US 1656320 A
Description (OCR text may contain errors)
17, 1928. .R. L. CROWDER swmou STAND Filed Oct. 12, 1922 Patented Jan. 17, 1928.
UNIT ED STATES nIvEs L. 'onowDEn, OF LOUISVILLE, KENTUCKY.
Application filed Qctober 12, 1922. SerialNo. 594,056.
The invention relates to stands for sad irons and the like, including those which are electrically heated, and is intended to be attached tot-he ironing board or table or other suitable support; and has for its ob jects to improve the construction of such device for purposes of convenience and dura bility in use and economy of manufacture.
With such objects in view, as well as other advantages which may be incident tothe use of the improvements, the inventionconsists in the parts and combinations thereof hereinafter set forth and claimed, with .the understanding that the several necessary elements constituting the same may be varied in proportions and arrangement without departing from the nature and scope of the invention.
In order to make the invention more clearly understood there are shown in the accompanying drawings means for carrying the same into practical eflec't, without limit ing the improvements, in
which, for the purpose of explanation, have been made the subject of illustration.
In said drawings:
Fig. 1 is a plan view of an iron stand embodymg the invention. i i
Fig. 2 is a side elevation of the same.
Fig. 3 is a rear elevation of the same.
Fig. 4: is a plan view of the blank from which said stand is formed.
Referring to the drawings, 1 is the bottom plate of the stand, which is upwardly emossed with iron-supporting projections 2, so
that only small points of the iron touch the plate and a stratum of air is left between the sadiron and the stand as a heat-insulator. At one side the stand is formed with anupstanding retaining flange 3 which extends up above thesurface of the plate 1, and at the opposite side with a similar but short flange 4 arranged near the point or front end of the stand. The side flanges converge toward the front end of the plate 1 to hold the sadiron from sliding forwards. At the rear end said plate is formed with a flange which is first depressed to produce a bend and wide rear leg 5 and is thence, continued upward above the plate to make a retaining flange 6 which is or may be of the same height as the flanges 3 and 4. i
7 is an L- haped bracket attached to the ownward and under the plate at a distance 515 Slate 1 by a rivet 8, and extended thence their useful appli cations, to the particular constructions therefrom so as to pass around and under the ironing board. The upper. end of i this bracket depends from the plate to .lorm a central front leg 9 corresponding in height with the leg 5.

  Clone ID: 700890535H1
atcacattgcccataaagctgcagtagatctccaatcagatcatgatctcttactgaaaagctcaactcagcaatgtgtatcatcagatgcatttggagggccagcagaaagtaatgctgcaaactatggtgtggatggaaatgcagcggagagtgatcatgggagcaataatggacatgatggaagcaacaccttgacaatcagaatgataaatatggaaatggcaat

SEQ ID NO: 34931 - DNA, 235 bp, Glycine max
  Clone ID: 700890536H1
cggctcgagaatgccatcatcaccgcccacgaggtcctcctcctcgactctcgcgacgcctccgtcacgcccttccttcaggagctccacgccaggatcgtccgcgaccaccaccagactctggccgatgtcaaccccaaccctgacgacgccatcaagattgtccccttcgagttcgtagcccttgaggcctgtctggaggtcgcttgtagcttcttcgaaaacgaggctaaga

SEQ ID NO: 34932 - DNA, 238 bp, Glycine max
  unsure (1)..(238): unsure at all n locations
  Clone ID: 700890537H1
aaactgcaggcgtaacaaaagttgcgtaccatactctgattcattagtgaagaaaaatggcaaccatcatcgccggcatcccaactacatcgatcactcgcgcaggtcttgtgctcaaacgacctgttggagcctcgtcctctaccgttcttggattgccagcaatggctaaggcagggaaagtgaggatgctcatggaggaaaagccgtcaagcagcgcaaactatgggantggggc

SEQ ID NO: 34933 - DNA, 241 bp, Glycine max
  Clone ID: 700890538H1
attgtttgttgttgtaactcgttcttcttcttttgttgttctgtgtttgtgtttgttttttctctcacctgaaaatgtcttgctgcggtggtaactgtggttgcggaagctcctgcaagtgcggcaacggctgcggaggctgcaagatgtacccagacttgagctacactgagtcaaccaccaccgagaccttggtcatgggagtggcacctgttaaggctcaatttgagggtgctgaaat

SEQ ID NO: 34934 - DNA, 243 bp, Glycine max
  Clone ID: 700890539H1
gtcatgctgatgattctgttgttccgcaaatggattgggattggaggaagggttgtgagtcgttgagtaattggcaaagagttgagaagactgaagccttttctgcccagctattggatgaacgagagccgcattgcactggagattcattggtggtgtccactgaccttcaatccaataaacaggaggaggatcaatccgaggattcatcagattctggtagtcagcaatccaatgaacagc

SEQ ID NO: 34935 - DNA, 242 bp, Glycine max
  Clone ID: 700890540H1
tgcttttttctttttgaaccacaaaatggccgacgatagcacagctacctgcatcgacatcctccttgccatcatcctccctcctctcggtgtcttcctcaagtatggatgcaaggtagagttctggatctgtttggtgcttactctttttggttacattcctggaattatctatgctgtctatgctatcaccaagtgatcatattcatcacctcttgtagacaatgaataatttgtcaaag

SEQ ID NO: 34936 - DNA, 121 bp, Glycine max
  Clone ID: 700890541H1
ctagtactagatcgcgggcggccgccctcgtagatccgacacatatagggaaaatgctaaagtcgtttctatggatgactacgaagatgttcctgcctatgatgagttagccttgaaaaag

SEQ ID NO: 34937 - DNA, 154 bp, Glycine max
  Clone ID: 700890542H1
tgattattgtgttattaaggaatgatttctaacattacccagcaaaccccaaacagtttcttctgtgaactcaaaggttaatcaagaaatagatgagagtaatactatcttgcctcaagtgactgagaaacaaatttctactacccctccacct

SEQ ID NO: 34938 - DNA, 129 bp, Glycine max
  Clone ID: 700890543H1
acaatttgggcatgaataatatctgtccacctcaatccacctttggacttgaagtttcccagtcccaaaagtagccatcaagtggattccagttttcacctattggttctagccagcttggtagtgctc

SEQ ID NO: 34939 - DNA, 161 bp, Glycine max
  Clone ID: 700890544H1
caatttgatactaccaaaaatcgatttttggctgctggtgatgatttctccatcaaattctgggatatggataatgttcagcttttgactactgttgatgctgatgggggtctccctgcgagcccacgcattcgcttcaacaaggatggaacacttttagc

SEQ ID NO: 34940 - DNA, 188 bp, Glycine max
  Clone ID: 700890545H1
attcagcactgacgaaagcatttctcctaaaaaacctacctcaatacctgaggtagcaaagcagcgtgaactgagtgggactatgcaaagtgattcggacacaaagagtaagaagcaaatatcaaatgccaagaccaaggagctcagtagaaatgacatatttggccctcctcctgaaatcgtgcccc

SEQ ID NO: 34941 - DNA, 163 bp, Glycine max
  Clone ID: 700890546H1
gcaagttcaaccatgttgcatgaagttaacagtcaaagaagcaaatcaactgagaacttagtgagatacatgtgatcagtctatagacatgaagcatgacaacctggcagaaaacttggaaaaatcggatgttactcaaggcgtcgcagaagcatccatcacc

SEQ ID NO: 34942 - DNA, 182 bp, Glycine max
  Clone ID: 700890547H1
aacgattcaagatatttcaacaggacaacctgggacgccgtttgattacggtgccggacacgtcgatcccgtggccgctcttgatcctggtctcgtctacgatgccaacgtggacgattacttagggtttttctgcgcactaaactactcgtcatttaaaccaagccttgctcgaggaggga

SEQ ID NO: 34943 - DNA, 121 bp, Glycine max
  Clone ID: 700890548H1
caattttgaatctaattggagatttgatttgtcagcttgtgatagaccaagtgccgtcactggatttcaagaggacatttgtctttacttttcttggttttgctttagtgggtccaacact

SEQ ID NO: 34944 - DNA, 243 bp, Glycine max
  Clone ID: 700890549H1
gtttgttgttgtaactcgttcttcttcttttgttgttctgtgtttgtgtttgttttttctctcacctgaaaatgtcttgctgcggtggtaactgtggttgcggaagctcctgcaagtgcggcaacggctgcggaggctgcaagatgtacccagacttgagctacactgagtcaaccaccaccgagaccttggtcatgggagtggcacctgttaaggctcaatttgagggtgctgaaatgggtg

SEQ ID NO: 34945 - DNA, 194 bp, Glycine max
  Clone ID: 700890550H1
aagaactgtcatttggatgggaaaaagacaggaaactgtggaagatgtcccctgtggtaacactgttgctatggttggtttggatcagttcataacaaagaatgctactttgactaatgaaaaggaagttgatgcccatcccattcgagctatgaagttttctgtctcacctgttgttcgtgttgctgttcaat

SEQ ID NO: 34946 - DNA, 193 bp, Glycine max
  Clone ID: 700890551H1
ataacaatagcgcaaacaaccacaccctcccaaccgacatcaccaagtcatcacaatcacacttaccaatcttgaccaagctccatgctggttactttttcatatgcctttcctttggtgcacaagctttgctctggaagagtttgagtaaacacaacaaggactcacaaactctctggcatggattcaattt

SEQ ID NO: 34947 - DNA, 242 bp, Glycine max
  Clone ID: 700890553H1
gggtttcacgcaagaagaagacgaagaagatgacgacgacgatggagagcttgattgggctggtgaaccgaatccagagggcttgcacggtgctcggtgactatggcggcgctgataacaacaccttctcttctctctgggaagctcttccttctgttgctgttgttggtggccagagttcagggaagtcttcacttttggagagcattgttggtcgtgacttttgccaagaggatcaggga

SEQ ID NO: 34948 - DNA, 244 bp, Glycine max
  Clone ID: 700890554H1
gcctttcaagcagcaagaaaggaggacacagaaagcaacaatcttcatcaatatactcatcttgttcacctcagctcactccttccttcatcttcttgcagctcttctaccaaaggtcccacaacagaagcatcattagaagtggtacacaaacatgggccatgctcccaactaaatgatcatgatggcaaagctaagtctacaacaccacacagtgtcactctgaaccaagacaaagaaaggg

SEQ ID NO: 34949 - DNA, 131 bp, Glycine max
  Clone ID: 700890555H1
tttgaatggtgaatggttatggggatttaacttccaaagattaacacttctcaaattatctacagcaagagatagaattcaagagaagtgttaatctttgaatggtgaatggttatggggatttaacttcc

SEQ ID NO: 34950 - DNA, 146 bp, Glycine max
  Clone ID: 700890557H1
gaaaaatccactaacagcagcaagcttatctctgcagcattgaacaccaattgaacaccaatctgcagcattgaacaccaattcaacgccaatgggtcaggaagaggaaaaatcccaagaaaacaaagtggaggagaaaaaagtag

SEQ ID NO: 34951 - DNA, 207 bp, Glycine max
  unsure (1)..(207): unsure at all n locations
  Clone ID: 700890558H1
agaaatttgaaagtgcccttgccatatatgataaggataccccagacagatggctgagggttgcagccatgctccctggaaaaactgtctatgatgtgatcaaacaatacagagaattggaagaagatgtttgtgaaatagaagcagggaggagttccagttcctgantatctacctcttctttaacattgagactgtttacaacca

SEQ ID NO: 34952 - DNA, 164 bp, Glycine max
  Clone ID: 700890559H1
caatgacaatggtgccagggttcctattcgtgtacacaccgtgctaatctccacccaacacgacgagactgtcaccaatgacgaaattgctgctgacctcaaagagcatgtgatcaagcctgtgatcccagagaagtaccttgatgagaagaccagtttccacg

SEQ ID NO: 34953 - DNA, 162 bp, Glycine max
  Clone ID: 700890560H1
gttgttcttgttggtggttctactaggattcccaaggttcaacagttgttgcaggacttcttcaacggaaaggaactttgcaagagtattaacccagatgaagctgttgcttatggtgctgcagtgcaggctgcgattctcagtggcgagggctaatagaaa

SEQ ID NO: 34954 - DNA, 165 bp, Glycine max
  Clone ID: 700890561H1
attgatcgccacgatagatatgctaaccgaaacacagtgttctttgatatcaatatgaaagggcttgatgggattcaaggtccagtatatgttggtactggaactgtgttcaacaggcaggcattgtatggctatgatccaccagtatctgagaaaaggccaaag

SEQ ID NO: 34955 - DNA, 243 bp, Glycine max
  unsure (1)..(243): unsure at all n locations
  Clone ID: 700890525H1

'10 is a screw clamp for engagement against the under side of the ironing board to attach the stand securely in place. The legs 5 and 9 produce a further heat-insulator of air between the plate and said board or table or table cloth. 7
The rear flange 6 is cut-away or shortened at the end opposite the short front flange 4 so as to make a space for the insertion or sliding of the sadiron into the stand either from the side or from the rear, but all of said flanges are so arranged that the sadiron is efiiciently held from sliding out of the stand when the ironing board is lifted or inchned for the purpose of putting clothes around it. y
The main part 01 the stand, including the plate 1 and its flanges, is blanked out by cutting dies from substantial sheet metal in the form shown in Fig. 4 and stamped by suitable pressing dies'into the form shown in Figs. 1, 2 and 3, after which the bracket- 7 is attached, the latter being made preferably of malleable iron.
All of the sheet metal parts 2, 3, 4, 5 and 6 are so arranged in the blank (Fig. 4) that the stand may be shaped up at a single pressing die action.
An important feature of my improvements are the means whereby I provide a heat-insulator of air between the sad iron and the stand and a second insulator between the stand and the ironing board. A1- so, the adaptability of the stand to be adjustedby turning it on the rivet 8, which is made loose enough for the purpose is a useful feature. This enables the stand to be adjusted to the most convenient position for placing the sadiron on and lifting it fromthe stand. i a
What I claim is- 1. A sadiron stand consisting of a bent sheet metal late formed with iron-retaining marginal si e flanges, and having its rear end bent downward to form a wide rear leg and thence bent up to form an iron-retainin rear end flange, said plate being provided at its front end with a leg which is continued down and rearward-to form a clamp to engage an ironing board.
' 2. A sad iron stand consisting of a sheet 3. A sadiron stand consisting of a bent sheet metal plate, having marginal portions bent up to form side retaining flanges, and n having rear portions thereof bent downwardly and upwardly to form a rear leg and a rear retaining flange, and a securing bracket attached to the front end of the plate and having its extremity bent down to form a 2 front leg.
In testimony whereof I afiix my signature.
RIVEs L. CHOWDER.